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PureCajunSunshine

What causes a 'haze' to form on some sugar based syrups?

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I read somewhere (don't remember where) that sometimes a haze will appear on the surface of some syrups and that it is harmless. Occasionally this has formed on the surface of my syrups, but eventually it disappears.

 

Does anyone know what causes this haze?

 

On my blog, someone asked me about a 'questionable' film that formed on the surface of her recently made elderberry syrup that was made with a stout concentration of 70% sugar...

 

http://purecajunsunshine.blogspot.com/2009...ed-to-know.html

 

 

Here's what I told her:

 

It is possible your sister may be seeing what I call a ‘sugar haze’. It’s harmless, but it sure does look weird, floating against the dark background of the darkness of elderberry syrup! Although I have never had it happen, it may be possible to contaminate a newly made 70% sugar solution with molds and bacteria. Molds are common culprits in spoiled medicinal syrups, which is why I favor going with a 70% sugar solution over the standard 65% called for in most recipes to make shelf stable syrups.

 

By shelf stable, I mean it needs no refrigeration ever. Not before or after opening.

 

A couple of times over the years, I mis-measured my sugar/liquid ratio and ended up with a batch of spoiled syrup. The mold started out looking exactly like the typical sugar haze but it continued to progress until it eventually bloomed into full spoilage.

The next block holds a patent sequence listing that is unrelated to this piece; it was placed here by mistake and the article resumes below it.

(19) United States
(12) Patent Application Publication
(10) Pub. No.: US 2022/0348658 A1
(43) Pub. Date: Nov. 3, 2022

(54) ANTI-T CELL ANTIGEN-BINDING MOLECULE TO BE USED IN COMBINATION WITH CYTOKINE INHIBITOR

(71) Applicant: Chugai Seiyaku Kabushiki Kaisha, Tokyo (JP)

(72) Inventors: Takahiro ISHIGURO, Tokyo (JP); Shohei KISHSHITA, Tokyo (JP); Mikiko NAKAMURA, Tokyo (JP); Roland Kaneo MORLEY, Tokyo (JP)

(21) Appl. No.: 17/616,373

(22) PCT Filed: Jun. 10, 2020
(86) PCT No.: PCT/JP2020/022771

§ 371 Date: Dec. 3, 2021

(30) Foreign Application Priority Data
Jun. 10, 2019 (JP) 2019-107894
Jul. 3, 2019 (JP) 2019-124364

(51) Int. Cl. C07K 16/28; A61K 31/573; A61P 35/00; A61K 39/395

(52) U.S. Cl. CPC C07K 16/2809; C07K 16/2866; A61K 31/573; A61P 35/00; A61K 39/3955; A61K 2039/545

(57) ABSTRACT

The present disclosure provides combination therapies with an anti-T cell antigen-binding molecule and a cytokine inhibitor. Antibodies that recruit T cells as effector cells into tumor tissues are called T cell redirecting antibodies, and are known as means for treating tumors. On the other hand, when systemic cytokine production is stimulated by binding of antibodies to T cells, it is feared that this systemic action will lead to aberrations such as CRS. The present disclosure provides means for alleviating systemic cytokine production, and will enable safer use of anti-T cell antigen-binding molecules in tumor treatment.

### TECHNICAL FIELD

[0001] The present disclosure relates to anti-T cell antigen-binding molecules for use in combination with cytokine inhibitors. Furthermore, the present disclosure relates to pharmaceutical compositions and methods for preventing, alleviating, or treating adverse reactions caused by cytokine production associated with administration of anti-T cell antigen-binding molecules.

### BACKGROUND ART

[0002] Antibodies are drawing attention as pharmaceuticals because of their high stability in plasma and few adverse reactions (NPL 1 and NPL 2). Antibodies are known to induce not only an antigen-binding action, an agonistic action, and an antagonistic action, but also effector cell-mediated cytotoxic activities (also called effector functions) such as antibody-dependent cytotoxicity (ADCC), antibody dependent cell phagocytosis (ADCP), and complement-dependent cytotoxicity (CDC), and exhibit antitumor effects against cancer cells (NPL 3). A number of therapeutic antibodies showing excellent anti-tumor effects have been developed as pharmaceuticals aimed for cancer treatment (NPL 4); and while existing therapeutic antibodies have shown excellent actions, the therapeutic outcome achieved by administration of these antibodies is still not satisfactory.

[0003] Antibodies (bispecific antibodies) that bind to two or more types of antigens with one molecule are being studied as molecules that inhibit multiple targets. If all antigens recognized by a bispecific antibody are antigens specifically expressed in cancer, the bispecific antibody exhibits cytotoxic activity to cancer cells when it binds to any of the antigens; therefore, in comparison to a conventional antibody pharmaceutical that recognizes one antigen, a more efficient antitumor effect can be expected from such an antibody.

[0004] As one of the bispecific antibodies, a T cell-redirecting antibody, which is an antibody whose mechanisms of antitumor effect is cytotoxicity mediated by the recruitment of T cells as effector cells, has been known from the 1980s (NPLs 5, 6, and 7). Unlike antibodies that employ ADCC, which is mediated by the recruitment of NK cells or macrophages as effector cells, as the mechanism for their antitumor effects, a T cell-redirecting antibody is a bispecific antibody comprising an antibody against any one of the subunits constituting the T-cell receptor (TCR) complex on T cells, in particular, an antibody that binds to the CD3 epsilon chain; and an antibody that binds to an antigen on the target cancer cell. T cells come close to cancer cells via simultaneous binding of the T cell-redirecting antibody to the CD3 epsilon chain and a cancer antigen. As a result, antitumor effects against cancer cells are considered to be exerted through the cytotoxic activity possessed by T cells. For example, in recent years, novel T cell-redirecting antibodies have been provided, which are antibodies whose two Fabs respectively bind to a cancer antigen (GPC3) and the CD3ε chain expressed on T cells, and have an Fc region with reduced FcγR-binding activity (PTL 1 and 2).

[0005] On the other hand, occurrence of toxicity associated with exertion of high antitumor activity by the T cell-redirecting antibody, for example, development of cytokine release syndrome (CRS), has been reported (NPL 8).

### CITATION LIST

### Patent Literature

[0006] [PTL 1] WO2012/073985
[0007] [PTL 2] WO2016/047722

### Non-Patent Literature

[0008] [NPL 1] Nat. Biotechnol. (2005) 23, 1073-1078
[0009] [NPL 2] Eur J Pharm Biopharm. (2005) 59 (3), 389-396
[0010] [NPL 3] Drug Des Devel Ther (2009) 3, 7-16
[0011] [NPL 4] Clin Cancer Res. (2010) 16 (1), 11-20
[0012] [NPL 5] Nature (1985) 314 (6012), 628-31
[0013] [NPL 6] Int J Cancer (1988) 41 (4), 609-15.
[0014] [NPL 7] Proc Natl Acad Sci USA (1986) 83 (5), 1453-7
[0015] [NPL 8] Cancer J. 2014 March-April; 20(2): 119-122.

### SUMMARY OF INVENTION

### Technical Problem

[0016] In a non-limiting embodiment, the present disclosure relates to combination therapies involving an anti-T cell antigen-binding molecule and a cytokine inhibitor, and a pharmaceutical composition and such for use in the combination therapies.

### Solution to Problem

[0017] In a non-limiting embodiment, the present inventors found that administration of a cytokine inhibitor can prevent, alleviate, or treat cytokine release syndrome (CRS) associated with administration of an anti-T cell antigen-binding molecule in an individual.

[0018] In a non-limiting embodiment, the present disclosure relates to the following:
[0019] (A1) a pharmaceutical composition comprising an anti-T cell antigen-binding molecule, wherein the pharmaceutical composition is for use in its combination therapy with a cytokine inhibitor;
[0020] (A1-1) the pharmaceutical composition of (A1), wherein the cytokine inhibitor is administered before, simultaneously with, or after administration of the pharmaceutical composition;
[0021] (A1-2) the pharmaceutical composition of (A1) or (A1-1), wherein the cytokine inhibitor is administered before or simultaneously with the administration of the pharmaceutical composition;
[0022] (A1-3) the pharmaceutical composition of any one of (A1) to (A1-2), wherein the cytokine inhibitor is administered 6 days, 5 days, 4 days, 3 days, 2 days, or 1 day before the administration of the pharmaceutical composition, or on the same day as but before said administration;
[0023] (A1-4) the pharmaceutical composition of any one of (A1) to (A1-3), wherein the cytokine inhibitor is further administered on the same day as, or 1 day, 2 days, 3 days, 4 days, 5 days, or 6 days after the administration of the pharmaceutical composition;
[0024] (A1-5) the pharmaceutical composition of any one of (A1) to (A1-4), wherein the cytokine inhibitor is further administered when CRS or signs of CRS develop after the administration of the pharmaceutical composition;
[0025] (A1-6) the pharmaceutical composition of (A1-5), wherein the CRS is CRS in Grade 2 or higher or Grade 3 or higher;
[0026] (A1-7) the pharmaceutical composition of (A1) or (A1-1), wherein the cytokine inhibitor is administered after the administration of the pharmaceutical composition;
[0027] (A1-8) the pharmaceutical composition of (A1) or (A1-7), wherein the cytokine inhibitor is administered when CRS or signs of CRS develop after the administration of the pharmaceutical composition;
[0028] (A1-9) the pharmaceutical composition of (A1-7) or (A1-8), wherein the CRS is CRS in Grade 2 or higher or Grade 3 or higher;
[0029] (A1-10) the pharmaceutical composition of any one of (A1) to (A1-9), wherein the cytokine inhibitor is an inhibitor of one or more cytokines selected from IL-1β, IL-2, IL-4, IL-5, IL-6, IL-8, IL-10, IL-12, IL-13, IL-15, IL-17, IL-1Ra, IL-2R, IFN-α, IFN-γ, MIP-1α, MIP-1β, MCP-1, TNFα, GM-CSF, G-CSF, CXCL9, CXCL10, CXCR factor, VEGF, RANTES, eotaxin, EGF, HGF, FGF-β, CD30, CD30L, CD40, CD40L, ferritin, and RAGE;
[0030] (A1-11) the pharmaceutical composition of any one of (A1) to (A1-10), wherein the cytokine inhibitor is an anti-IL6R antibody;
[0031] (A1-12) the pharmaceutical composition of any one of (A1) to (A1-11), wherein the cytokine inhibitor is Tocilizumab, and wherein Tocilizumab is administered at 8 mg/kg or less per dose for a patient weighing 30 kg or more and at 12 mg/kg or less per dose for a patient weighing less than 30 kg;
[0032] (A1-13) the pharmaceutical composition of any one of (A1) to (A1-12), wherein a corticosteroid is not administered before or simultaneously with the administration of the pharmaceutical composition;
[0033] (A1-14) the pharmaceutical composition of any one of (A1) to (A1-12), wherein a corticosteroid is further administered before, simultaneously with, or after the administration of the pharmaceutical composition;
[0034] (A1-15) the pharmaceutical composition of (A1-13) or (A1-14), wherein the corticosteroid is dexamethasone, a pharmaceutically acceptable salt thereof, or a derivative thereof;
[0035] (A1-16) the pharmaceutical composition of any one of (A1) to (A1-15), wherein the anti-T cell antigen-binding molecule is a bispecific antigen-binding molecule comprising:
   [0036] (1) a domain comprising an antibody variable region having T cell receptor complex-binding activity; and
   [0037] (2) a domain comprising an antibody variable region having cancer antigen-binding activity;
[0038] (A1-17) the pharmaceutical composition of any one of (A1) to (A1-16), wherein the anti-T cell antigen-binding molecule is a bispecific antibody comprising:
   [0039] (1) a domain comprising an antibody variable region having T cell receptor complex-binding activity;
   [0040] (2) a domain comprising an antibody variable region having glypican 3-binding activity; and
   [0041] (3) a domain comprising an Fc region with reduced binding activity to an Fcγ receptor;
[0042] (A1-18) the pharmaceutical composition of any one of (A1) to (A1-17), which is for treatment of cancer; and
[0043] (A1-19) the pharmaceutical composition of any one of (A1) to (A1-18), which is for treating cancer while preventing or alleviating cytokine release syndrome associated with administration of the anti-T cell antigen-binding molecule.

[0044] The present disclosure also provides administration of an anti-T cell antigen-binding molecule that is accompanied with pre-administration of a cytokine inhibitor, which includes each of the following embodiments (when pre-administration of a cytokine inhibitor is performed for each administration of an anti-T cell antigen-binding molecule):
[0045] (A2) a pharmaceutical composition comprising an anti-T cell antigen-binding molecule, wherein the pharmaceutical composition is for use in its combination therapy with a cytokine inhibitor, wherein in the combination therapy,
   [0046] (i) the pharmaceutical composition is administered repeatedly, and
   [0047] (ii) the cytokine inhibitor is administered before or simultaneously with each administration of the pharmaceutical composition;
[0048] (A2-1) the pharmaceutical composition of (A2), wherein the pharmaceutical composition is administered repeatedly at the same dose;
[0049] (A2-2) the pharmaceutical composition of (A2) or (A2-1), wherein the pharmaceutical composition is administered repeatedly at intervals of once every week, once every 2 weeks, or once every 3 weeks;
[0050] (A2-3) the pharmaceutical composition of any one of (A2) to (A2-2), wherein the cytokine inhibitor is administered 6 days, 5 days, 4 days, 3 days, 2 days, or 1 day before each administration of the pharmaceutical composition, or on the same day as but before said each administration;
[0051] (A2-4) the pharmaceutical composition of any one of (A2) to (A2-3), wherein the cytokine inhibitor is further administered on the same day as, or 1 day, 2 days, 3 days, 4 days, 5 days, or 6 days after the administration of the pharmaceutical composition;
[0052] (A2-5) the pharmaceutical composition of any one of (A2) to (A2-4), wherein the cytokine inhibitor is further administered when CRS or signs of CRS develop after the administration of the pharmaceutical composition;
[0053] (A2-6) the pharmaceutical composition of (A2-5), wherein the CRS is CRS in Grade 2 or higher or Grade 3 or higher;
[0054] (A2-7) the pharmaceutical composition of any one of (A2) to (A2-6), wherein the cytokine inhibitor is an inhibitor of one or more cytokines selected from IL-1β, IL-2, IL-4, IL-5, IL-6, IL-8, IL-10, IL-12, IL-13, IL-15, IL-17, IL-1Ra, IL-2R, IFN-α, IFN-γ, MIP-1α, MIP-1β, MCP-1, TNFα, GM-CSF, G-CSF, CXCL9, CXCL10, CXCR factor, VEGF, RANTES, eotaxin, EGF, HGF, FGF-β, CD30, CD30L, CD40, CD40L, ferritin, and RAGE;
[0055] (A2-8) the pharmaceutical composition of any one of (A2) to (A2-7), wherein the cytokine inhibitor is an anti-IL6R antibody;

Because sugar is the only preserving agent in some old fashioned syrups, and because my elderberry syrup does not contain a myriad of chemical preserving agents found in commercial products, I prefer to bottle it in pint jars and halfpint jars. That way it gets used up in a reasonable amount of time, and so the risk of contamination is reduced.

 

If your syrup was freshly made under sanitary conditions, and the measurements were correct (or pretty close to it), chances are very, very good that the ‘questionable film’ is a sugar haze. If it has been sitting around for more than a couple of weeks before developing a film or haze, and bottling procedures were less than stellar, it *might* be contaminated with growing mold spores. If this is the case, one way to find out for sure: leave it alone for a few more days, and see if it develops further into sure enough mold.

Edited by PureCajunSunshine

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Sharon,

Something, even a sugary syrup, with no processing, will mold. Remember jellies with a paraffin wax coating on top ? They molded all the time. Even though they are full of sugar. There is no vacuum seal, no heat treatment to kill molds or yeasts that cause fermentation. That is why paraffin is not considered safe to use on jams. So, it really may not be something called sugar haze. I think it is the start of spoilage microorganisms.

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